The CEO of Ohio-based Murray Energy Corp., who forced his employees to attend an August rally for failed Republican presidential candidate Mitt Romney, announced on Wednesday that 156 jobs would have to be cut because of President Barack Obama's reelection.
CEO Robert E. Murray read a prayer to employees before announcing the cuts, according to The Washington Post. "Lord, please forgive me and anyone with me in Murray Energy Corp. for the decisions that we are now forced to make to preserve the very existence of any of the enterprises that you have helped us build," he reportedly said.
The same company's employees were forced to stand behind Romney during an Ohio event last August, in a visual that would later become part of a campaign ad. The Ohio Democratic Party later claimed that the miners were "extorted" for campaign contributions, and called for a criminal investigation. Employees of the company told The New Republic that their contributions are tracked and they feared repercussions if they didn't attend fundraisers.
It's not the first time that Murray has fired workers and blamed Obama: he did the same thing last August, closing a mining operation in Brilliant, Ohio, where 239 people worked, then telling them the move was due to "Mr. Obama's 'war on coal' and the destruction it has caused."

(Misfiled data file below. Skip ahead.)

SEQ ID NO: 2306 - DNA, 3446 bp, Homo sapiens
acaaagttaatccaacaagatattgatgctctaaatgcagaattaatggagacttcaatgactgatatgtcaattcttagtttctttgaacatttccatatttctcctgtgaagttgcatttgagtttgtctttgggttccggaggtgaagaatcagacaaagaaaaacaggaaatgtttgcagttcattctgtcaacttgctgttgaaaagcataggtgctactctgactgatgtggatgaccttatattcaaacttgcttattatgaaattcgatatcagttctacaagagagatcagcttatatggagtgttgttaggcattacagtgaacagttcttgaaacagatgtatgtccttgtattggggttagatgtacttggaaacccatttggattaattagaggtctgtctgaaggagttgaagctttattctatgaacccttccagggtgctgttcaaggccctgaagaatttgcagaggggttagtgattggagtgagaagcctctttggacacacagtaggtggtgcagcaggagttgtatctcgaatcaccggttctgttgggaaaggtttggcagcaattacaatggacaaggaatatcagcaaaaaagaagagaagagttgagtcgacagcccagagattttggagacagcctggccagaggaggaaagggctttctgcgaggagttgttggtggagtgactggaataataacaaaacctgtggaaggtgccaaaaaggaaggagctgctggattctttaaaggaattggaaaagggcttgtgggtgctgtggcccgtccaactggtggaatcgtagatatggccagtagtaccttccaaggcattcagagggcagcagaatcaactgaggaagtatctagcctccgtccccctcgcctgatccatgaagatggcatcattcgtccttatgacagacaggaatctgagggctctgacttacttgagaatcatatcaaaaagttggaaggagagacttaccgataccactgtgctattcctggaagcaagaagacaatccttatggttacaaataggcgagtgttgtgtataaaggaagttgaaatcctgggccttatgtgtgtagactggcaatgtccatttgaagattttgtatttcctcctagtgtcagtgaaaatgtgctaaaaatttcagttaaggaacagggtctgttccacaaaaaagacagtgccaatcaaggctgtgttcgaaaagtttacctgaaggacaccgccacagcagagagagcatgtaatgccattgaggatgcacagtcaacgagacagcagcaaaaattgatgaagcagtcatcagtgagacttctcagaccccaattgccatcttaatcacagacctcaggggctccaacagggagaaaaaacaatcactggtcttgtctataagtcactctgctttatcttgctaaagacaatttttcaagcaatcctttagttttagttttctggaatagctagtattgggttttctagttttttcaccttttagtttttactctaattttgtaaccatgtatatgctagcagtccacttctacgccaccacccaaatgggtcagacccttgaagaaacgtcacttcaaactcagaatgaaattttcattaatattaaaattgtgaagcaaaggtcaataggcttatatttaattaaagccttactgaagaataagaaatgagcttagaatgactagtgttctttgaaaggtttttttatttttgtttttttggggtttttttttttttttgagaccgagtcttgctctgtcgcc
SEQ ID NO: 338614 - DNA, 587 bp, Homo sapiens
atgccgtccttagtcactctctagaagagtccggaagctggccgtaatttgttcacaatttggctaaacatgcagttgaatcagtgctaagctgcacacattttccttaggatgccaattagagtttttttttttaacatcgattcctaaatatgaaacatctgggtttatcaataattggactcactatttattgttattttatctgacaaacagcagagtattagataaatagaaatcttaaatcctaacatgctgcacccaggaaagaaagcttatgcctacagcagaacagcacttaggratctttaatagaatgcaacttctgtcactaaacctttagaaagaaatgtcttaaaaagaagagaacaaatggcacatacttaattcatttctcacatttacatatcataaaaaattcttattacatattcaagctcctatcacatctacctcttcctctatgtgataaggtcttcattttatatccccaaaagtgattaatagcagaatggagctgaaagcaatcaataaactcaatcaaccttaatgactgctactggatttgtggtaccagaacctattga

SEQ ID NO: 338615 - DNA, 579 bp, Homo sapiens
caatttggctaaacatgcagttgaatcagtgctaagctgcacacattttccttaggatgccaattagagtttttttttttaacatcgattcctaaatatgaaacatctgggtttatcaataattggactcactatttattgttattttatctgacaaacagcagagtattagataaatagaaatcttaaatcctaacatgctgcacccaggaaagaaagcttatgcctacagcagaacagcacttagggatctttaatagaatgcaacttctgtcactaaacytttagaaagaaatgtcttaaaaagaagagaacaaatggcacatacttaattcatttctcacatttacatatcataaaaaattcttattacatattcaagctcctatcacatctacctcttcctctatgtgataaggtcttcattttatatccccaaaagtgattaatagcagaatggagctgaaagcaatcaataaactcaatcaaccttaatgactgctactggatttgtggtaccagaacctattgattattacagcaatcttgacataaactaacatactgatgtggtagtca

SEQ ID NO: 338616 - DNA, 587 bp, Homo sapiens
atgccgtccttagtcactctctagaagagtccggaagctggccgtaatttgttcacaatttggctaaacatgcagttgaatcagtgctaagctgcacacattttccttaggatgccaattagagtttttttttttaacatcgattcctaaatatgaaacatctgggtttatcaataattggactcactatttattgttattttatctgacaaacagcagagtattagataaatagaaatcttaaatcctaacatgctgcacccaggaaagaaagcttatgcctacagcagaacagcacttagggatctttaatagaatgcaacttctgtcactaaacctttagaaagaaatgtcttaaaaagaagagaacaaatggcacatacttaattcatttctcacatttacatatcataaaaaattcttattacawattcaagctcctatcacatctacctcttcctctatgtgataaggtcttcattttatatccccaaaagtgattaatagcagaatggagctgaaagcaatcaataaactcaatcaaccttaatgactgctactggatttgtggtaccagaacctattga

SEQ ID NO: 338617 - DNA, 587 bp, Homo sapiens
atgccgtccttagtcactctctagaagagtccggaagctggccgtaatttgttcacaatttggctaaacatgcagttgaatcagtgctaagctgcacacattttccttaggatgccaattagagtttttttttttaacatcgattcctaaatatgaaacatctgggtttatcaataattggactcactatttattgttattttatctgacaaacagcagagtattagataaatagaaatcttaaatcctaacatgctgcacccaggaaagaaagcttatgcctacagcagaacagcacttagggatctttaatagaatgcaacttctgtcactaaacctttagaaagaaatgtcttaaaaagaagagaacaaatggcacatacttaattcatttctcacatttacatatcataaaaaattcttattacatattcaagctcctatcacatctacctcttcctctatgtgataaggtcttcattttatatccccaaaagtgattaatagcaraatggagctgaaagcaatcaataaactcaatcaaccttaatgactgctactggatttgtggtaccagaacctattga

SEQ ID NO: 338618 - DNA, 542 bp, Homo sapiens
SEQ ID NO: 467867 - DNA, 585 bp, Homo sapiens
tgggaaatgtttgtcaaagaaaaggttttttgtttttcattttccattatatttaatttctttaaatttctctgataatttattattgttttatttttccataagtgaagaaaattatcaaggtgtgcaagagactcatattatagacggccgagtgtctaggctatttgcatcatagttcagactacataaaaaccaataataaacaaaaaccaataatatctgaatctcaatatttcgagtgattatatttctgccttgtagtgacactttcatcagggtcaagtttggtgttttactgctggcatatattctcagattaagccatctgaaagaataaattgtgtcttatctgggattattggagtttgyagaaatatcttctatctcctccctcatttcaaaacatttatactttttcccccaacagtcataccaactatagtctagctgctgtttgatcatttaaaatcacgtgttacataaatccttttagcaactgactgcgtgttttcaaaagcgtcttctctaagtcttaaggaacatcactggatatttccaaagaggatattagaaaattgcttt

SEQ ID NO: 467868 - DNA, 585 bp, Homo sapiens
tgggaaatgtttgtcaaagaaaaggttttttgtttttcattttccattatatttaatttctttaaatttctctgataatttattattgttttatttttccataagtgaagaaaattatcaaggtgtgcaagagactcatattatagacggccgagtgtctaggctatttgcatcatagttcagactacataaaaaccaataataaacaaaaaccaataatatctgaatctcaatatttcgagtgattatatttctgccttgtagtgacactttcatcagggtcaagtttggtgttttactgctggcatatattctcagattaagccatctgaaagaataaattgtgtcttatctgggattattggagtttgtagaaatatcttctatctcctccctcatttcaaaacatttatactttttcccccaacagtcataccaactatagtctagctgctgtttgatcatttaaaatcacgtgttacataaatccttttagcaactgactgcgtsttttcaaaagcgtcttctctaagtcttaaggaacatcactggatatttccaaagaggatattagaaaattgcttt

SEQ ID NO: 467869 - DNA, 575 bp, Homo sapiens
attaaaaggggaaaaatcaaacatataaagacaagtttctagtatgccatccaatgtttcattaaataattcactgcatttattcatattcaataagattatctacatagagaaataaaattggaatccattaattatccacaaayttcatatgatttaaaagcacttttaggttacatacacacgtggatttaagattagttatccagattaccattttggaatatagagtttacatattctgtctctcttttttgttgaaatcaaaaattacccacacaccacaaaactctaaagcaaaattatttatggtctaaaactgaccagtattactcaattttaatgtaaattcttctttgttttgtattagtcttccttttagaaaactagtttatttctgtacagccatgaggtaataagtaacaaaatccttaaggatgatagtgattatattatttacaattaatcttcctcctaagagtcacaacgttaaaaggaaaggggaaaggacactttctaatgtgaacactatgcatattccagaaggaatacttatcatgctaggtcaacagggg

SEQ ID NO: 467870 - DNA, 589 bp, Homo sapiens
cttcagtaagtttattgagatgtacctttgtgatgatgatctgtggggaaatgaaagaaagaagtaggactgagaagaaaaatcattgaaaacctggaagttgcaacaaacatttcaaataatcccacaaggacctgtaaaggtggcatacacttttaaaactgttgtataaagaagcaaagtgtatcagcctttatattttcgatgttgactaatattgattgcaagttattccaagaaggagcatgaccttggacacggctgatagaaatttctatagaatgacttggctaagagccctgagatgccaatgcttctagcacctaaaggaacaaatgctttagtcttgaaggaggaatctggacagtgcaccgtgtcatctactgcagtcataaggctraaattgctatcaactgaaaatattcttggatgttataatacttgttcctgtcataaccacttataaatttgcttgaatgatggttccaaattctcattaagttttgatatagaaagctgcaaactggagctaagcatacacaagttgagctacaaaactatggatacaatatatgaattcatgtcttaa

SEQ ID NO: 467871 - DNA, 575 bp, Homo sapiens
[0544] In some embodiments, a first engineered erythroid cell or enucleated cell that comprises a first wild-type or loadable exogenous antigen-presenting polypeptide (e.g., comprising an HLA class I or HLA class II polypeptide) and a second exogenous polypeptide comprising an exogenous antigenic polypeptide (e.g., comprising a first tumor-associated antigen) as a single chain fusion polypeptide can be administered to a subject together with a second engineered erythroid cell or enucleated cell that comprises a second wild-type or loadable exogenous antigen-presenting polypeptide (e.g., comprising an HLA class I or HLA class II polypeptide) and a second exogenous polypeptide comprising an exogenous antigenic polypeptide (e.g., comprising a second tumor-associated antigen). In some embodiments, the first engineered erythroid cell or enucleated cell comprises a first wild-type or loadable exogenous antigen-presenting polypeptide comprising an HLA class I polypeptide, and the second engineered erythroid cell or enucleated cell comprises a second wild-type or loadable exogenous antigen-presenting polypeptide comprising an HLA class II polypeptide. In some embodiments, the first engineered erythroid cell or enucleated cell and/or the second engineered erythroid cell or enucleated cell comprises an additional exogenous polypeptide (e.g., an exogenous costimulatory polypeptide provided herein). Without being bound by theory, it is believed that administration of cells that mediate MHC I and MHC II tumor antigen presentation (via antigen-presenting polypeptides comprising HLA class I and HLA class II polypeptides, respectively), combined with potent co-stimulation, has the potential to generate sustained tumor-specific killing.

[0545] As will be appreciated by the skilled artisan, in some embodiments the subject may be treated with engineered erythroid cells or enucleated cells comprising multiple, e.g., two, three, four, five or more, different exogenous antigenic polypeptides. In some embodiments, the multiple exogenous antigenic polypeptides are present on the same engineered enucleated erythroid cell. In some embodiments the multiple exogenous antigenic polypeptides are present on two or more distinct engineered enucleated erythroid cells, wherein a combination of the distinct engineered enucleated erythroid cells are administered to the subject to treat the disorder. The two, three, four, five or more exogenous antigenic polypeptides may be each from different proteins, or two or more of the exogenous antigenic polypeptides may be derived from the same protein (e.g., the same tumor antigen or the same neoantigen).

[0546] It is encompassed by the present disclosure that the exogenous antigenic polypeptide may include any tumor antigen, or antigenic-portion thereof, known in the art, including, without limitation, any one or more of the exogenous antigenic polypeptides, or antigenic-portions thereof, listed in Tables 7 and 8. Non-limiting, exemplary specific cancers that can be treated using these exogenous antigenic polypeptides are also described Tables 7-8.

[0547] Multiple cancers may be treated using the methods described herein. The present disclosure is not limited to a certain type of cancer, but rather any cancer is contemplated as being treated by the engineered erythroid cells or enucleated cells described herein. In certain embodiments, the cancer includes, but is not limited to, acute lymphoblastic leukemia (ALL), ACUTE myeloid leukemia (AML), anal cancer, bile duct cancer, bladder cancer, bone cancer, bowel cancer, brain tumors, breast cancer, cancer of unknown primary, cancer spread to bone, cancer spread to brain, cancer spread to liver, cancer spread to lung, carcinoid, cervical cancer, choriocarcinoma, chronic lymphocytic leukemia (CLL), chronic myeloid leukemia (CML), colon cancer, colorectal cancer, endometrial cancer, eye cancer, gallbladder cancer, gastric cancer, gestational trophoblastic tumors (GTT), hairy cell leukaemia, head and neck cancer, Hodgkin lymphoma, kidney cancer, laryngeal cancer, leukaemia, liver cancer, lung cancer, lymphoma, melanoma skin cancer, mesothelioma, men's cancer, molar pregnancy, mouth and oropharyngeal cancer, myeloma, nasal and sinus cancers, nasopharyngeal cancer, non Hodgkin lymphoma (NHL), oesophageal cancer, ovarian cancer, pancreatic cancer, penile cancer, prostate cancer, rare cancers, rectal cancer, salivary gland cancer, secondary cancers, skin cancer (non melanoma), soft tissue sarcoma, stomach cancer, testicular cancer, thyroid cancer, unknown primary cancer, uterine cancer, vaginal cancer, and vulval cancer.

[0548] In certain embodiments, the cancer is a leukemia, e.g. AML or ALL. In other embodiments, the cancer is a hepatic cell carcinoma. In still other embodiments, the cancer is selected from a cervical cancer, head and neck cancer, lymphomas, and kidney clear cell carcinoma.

Despite Murray's belief that there's a "war on coal," the U.S. Energy Information Administration says that domestic coal production has remained near historical norms during Obama's first term, edging up each year since 2009. Additionally, Murray Energy's most recent quarterly production report noted that workers in six of Murray's mines have increased coal production by more than 1.2 million tons over the same period in 2011. The company's earnings are only released to investors.
Unfortunately, Murray is not alone. Applebee's New York franchise CEO Zane Tankel announced on Friday during an appearance on Fox Business that he's refusing to hire any new people because the Affordable Care Act will require that the company purchase health insurance. "The model’s been set," he said. "I just want to say we’re looking at it, we’re evaluating it, if it’s possible to do without cutting people back, I’m delighted to do it. But that also rolls back expansion, it rolls back hiring more people, and in a best-case scenario we only shrink the labor force minimally."